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Thread: Thyroid Problems

  1. #21
    Join Date
    May 2010
    Thanked 312 Times in 251 Posts


    Hashimoto's will "come & go" with symptoms, and a person with other autoimmune issues has a much higher chance of having Hashimoto's. Checking again in 3 months is a good idea. Be sure they do at least the T3 & T4 along with the TSH again...
    "There but for the grace of God, go I."
    "... His mercy endureth for ever."

  2. #22
    Join Date
    Mar 2012
    Thanked 68 Times in 52 Posts


    Figured I would just post here instead of making a whole new post. I haven't exactly been feeling the best lately. I almost passed out swimming today. My heart rate went up through the roof and I got all dizzy. Its very frustrating.
    "A bad cold wouldn't be so annoying if it weren't for the advice of our friends."~ Kin Hubbard

    Diagnosed: SLE, Raynauds, Interstitial Lung Disease, GERD, Myositis, Vasculitis, Fibromyalgia, Possible Sjogrens.
    Medications: 400mg Plaquenil, 2000mg Cellcept, 60mg Nifedipine, Nitroglycerin Patch, 20mg Prilosec, Trazadone, 8mg Medrol, 81mg Asprin.

    My old profile on here

  3. #23
    Join Date
    May 2012
    Thanked 20 Times in 15 Posts



    I have Hashimoto's disease, and unlike Derry, mine is awful. I have bad joint pain, extreme exhaustion, tinnitus, peripheral neuropathy, eye inflammation, etc. and at it's worst, seizures. No one can say for sure the seizures are cause by Hashi's, but I couldn't work until it was diagnosed; I was having multiple seizures a week (I'm a teacher, so that was a problem). I have only had two seizures since I started taking Synthroid in February. The proof is in the pudding, as they say.

    My advice: find a doctor who treats Hashi's based on symptoms and not on bloodwork. With Hashi's, your TSH, T3 and T4 will fluctuate. At first, I went to an endo who didn't believe in treating the disease/symptoms until my TSH was off. There are two schools on the topic. I had to find one who would treat it regardless. The latest research supports early diagnosis and treatment. You need to also make sure you find a doc who knows the latest research on healthy levels. There are two schools of thought there. I believe the new thinking bottom range is .1 or .3 (can't remember right now). The bottom line -- normal is when you feel well, not when a number shows it. I know when I'm low because I freeze to death, can't stay awake no matter how much sleep, and I have neurological problems. When I'm high, I get jittery and have heart palpatations. I have a variety of dosages on hand, and my doctor adjusts accordingly. We check blood levels about every three months unless I have a seizure.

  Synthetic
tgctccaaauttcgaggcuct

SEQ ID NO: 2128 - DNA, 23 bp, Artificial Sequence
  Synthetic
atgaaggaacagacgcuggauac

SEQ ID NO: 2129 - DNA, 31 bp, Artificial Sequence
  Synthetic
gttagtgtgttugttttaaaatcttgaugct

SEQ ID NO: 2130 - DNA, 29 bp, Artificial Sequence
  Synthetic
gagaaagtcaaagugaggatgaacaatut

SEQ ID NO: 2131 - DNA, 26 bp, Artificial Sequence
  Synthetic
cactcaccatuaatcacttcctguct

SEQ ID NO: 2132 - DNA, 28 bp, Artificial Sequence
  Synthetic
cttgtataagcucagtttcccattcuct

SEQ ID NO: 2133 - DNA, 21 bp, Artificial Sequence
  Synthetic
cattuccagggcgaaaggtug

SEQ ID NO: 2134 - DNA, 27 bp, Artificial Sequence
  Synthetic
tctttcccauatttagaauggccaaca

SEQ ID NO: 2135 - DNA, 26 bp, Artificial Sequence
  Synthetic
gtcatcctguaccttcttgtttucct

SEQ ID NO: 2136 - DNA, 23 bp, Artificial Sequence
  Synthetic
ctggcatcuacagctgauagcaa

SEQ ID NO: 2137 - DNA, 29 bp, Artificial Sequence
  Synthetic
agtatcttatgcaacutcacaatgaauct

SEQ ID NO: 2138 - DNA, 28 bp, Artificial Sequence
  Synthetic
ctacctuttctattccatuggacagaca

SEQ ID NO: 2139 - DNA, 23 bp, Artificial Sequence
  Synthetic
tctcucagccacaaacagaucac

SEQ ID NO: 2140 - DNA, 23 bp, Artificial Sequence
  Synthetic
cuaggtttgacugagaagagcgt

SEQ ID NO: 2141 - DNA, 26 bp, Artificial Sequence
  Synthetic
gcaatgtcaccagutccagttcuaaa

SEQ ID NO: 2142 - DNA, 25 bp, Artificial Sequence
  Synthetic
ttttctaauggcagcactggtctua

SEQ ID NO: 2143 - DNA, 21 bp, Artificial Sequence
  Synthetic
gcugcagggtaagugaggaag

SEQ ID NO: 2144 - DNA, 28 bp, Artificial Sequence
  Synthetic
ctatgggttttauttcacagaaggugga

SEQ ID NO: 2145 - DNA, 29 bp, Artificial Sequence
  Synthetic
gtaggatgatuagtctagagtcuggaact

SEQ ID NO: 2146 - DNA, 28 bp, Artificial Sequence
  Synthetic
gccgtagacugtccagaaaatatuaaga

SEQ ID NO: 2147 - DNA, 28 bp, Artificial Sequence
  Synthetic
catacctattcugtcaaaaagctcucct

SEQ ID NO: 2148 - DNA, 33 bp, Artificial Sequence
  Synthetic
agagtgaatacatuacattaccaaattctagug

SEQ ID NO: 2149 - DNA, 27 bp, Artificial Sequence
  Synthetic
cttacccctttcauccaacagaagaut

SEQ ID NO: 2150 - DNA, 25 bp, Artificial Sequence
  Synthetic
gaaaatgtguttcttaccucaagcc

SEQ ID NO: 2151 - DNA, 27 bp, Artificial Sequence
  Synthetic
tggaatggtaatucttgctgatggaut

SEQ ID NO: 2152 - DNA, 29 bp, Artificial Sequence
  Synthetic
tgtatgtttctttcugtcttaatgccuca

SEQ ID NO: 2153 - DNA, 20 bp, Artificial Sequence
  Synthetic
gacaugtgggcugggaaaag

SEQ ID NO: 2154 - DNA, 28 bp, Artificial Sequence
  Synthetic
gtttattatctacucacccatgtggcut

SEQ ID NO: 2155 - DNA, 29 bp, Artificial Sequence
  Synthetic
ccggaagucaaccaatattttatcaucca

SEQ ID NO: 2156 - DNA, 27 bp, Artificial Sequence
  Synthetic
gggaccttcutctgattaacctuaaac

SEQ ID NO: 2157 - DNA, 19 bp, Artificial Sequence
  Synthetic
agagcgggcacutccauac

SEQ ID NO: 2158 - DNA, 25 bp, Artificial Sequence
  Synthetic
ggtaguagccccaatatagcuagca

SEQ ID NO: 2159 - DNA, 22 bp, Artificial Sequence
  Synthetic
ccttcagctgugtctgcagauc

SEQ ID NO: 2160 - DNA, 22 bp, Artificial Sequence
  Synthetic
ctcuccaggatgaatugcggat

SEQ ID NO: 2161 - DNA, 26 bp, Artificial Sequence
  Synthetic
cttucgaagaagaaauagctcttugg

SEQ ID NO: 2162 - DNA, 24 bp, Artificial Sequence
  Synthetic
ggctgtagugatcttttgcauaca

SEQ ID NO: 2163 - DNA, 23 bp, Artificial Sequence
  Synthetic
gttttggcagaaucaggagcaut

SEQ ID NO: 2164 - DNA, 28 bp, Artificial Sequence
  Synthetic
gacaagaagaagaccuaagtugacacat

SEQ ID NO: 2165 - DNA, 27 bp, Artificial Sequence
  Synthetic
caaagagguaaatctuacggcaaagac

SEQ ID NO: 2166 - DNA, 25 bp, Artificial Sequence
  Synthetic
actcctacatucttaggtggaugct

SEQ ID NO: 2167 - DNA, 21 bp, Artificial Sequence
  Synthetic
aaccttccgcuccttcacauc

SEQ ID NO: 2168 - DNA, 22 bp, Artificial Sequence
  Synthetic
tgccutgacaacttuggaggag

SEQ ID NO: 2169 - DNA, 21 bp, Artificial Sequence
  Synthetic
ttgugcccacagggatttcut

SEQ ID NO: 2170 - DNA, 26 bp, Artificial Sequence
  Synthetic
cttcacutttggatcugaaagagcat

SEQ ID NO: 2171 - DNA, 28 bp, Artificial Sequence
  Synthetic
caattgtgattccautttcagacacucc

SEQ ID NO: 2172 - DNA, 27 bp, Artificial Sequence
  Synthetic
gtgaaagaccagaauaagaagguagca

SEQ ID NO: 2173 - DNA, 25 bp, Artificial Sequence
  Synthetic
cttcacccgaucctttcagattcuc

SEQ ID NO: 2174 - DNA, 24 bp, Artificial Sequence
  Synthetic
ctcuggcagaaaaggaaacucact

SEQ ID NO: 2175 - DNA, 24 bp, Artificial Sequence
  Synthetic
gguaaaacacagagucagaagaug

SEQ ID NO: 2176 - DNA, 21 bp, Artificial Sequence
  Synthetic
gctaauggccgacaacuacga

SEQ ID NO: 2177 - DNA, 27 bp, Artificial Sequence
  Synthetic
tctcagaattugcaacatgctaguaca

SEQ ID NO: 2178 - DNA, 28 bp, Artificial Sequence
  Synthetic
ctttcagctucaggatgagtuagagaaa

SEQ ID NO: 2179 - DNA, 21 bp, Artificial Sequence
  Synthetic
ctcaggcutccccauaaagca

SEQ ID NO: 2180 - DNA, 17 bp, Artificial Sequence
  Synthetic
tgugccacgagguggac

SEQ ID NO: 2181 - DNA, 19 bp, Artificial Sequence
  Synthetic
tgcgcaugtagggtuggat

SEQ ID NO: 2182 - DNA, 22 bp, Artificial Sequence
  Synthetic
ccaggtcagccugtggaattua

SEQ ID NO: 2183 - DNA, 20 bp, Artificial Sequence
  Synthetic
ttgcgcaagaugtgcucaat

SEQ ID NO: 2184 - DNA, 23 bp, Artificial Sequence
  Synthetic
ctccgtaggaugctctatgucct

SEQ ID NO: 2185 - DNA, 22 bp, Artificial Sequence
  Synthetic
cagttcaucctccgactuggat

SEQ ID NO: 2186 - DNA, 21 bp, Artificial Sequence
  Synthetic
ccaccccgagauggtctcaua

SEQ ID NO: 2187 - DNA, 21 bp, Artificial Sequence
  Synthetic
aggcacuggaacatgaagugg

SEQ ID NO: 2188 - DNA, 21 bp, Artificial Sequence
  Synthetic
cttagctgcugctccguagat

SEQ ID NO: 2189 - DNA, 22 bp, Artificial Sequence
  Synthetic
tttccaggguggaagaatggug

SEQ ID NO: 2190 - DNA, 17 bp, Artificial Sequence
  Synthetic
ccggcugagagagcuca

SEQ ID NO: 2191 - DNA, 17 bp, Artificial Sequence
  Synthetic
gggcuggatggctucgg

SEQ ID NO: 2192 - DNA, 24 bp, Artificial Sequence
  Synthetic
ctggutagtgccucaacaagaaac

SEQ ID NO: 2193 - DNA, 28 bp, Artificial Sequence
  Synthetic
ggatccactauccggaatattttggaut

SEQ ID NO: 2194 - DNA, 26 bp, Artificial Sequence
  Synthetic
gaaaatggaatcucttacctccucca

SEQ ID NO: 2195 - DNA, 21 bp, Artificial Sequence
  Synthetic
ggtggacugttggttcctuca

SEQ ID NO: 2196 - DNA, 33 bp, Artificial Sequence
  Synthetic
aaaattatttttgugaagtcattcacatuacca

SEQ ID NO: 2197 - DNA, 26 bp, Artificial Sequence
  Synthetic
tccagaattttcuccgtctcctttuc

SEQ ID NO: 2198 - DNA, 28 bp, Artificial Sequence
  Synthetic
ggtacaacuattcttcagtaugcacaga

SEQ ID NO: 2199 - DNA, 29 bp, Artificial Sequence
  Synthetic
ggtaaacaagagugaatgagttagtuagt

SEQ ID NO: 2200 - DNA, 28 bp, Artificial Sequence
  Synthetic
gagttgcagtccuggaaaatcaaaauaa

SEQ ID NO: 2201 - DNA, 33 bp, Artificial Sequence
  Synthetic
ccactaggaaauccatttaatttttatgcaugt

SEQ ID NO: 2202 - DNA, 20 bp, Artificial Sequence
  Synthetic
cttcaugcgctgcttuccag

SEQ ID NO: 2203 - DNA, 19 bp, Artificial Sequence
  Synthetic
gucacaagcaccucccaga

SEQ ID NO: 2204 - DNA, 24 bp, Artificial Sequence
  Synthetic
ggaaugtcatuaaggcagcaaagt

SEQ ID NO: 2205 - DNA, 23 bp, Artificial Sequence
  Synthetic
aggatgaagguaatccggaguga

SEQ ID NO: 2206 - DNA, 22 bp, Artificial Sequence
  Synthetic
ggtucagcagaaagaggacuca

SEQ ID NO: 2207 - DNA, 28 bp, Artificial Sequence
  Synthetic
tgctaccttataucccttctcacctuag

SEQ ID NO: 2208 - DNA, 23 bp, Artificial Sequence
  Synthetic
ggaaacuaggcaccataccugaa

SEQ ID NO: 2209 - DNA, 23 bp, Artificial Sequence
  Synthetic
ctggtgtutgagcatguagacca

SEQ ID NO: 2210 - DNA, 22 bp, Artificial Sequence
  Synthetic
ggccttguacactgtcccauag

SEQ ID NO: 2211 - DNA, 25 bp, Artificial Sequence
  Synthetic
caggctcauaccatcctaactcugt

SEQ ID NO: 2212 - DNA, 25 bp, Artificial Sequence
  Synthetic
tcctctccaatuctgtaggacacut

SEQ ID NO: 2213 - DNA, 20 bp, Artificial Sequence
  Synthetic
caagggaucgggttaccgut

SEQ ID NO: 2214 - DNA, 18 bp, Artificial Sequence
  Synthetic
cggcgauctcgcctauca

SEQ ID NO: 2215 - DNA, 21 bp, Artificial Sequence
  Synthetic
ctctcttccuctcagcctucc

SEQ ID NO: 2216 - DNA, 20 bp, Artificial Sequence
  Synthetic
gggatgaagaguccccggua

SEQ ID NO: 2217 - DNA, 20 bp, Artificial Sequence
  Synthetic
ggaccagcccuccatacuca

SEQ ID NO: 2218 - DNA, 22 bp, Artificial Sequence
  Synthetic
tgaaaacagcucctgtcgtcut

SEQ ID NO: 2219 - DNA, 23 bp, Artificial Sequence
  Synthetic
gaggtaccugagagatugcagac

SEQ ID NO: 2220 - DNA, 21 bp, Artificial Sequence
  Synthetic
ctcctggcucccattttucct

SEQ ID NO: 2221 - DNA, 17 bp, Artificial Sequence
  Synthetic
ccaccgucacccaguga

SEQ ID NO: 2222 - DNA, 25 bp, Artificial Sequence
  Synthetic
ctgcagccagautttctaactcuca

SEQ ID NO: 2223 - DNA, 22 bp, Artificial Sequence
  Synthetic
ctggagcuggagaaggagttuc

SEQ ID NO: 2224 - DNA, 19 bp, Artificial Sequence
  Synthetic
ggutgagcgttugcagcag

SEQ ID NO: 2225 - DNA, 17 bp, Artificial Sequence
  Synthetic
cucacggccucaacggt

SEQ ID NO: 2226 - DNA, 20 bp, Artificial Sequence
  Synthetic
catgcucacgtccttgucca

You just have to call around, ask questions, and doctor shop. I made three calls, and I just asked the nurse point blank, "Does your doctor treat Hashimoto's despite TSH levels?" I found mine on the third call. I got lucky. Her husband suffers with Hashi's, so she stays current on the research. She's looking into low-dose naltrexone therapy now. She wants to do a lot more research, but she claims there is a lot of buzz about it for Hashi's. I'm hopeful.

    My rheumy won't treat my Hashimoto's even though it's an autoimmune disease. She will only provide a prescription for Lodine for joint pain and Neurontin for the peripheral neuropathy. Doctor's just aren't treating the disease like an autoimmune disease, YET! For some reason, they don't think of it as a life-altering disease. My rheumatologist told me that while it caused the same symptoms, the commonly prescribed autoimmune drugs like Plaq, etc. were just not worth the side effects and long term risks when weighed against the effects of the disease. Translated: "You're fine. Quite being such a wuss." And he had the nerve to tell me that Hashi's doesn't affect any of the major organs -- it's just a problem for joints. OMG! I know they all have their own specialties, but really. Long story short, I'm still not sure about a full diagnosis (if that's possible with autoimmune), but I do know I have Hashi's, and it has changed my life. My new normal is a constant state of medium level of discomfort and functionally exhausted. I won't discuss the other end of the spectrum for fear of the jinx.

    Good luck, and keep me posted. I'm in and out these days -- a new school and new as an assistant principal -- too busy!

  4. The Following 2 Users Say Thank You to jolynnhughes For This Useful Post:

    jmail (09-07-2012), steve.b (09-07-2012)

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